PRESIDENT Rodrigo R. Duterte is still open to peace talks with Maoist rebels despite increasing attacks on government officials, his spokesman said on Thursday.
Nothing will change the president’s decision to resume peace talks with the Communist Party of the Philippines, presidential spokesperson Salvador S. Panelo said at a briefing in Malacañang.
But Mr. Duterte won’t hesitate to “crush” the rebels if attacks continue, he added.
“He always leaves a space, the window ajar for any peace negotiation with them,” Mr. Panelo said. “But he will not allow the attacks, the assaults against our forces that is why if they attempt to that, the order is to crush them.”
The government will tighten security in the metro after receiving intelligence information that Maoist rebels have activated their assassination arm to target state officials during the holidays, National Security Adviser Hermogenes C. Esperon, Jr. earlier said.
He said he had received reports that the Communist Party and its armed wing New People’s Army have operationalized their so-called special partisan units to conduct assassination and terrorist activities in urban areas.
Earlier this month, Interior Secretary Eduardo M. Año said a cease-fire with Maoist rebels was unlikely to happen this holiday season.
On Sunday, the military and Defense department said they would tighten security against communist rebels, who remained a public threat. The military has said it won’t recommend a cease-fire.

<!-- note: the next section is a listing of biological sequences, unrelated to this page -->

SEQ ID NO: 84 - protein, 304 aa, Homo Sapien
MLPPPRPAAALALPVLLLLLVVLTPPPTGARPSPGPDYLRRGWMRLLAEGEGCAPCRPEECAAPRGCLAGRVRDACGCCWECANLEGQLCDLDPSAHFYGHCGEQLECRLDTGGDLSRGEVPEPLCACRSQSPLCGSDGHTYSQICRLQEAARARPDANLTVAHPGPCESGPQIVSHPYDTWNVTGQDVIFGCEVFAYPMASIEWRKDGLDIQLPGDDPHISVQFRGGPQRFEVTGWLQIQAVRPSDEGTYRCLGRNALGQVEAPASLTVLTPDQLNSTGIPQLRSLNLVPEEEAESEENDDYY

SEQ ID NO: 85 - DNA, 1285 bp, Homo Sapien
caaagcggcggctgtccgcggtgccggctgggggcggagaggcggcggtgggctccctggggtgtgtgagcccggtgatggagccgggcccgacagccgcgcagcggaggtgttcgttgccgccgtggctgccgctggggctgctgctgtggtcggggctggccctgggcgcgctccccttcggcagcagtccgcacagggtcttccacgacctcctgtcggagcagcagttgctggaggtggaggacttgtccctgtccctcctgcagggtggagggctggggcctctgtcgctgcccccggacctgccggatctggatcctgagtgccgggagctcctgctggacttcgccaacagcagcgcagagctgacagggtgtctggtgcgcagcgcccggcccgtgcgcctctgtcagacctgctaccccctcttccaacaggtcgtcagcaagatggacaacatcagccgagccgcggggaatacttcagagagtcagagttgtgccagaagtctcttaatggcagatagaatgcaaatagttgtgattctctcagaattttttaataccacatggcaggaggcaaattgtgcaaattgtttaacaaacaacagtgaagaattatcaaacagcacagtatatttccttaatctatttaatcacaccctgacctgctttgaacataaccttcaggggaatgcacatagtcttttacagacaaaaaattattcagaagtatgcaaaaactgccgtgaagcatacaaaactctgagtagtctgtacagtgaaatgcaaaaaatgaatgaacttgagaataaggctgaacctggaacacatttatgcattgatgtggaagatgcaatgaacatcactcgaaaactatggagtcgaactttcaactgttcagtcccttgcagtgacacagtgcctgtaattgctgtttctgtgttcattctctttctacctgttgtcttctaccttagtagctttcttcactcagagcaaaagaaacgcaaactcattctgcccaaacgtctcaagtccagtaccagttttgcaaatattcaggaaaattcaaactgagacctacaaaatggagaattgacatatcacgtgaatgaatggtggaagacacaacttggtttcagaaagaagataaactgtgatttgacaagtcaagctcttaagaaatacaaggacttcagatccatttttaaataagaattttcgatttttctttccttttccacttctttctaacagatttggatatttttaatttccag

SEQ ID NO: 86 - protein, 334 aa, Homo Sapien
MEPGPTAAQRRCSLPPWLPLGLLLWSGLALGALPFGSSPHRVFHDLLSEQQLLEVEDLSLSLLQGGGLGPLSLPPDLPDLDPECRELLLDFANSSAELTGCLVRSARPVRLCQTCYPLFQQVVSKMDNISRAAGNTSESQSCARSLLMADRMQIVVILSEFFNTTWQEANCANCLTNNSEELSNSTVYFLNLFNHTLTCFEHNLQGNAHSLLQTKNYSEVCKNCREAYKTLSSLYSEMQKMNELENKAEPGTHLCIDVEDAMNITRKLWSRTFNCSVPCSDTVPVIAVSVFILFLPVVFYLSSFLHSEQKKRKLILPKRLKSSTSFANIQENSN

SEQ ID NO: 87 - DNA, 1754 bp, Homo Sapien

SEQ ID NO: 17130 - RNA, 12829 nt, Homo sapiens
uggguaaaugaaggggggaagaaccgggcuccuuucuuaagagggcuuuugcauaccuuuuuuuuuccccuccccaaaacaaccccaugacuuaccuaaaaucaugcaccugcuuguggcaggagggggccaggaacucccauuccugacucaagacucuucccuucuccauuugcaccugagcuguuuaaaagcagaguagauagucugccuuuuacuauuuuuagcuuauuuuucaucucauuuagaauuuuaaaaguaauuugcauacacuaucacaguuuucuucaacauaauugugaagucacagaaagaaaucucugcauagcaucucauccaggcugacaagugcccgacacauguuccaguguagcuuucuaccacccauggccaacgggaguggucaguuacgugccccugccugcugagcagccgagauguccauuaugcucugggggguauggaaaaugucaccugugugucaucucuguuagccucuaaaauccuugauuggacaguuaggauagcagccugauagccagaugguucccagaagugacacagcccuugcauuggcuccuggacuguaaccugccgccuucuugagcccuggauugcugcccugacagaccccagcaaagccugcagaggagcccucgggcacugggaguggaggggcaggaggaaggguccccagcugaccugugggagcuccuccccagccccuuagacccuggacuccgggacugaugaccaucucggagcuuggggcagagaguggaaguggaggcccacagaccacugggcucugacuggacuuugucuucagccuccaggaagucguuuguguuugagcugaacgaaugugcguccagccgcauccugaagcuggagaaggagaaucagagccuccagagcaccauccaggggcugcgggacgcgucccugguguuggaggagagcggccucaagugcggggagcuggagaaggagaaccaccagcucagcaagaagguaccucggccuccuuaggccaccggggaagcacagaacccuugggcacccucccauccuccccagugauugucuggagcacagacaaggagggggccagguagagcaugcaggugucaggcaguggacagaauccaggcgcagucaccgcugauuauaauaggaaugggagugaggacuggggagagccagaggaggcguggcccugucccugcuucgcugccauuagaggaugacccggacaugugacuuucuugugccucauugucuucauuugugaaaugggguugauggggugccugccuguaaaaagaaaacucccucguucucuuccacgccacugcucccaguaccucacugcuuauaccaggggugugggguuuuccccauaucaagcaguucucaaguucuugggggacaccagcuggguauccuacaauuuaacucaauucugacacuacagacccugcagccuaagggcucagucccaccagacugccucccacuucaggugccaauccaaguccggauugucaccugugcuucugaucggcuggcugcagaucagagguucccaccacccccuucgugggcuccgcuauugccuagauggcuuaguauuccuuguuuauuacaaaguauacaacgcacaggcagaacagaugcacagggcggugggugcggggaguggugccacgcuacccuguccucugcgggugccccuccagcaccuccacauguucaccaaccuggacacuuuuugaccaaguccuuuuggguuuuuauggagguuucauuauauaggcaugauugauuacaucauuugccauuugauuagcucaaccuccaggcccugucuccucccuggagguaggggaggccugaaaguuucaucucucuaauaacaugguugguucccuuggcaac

“The communist-terrorist group has issued an order launching operations to assassinate people who do not submit to their will as they mark their 51st year of existence and terrorism on Dec. 26,” Mr. Esperon said.
Law enforcement and security forces have been advised to take appropriate countermeasures against the “sinister threat” to peace and order, he added.
This comes after a cop and two civilians were killed in an ambush by suspected Maoist rebels in Borongan, Eastern Samar on Friday. Fifteen others were hurt, including a one-year-old child.
Because of the success of the government’s programs to counter the communist-terrorist groups, they are growing more desperate to stem the tide and cling to whatever dwindling influence they have left, Mr. Esperon said.
He advised the public to remain vigilant and report any suspicious individuals to the authorities.
Mr. Duterte on Dec. 6 said he would send an agent to talk to Maoist leader Jose Maria C. Sison in the Netherlands in a bid to resume peace talks.
He said he would send Labor Secretary Silvestre H. Bello III, who led the government panel on peace talks with Maoist rebels. The panel was dissolved in March.
Mr. Duterte wants to hold the negotiations in the Philippines.
Mr. Esperon is the vice chairman of the National Task Force to End Local Communist Armed Conflict.
Mr. Panelo said that if Mr. Sison, who is in self-exile in the Netherlands, was serious about the peace talks, he should come home. “if you are sincere, venue is not important.” — Gillian M. Cortez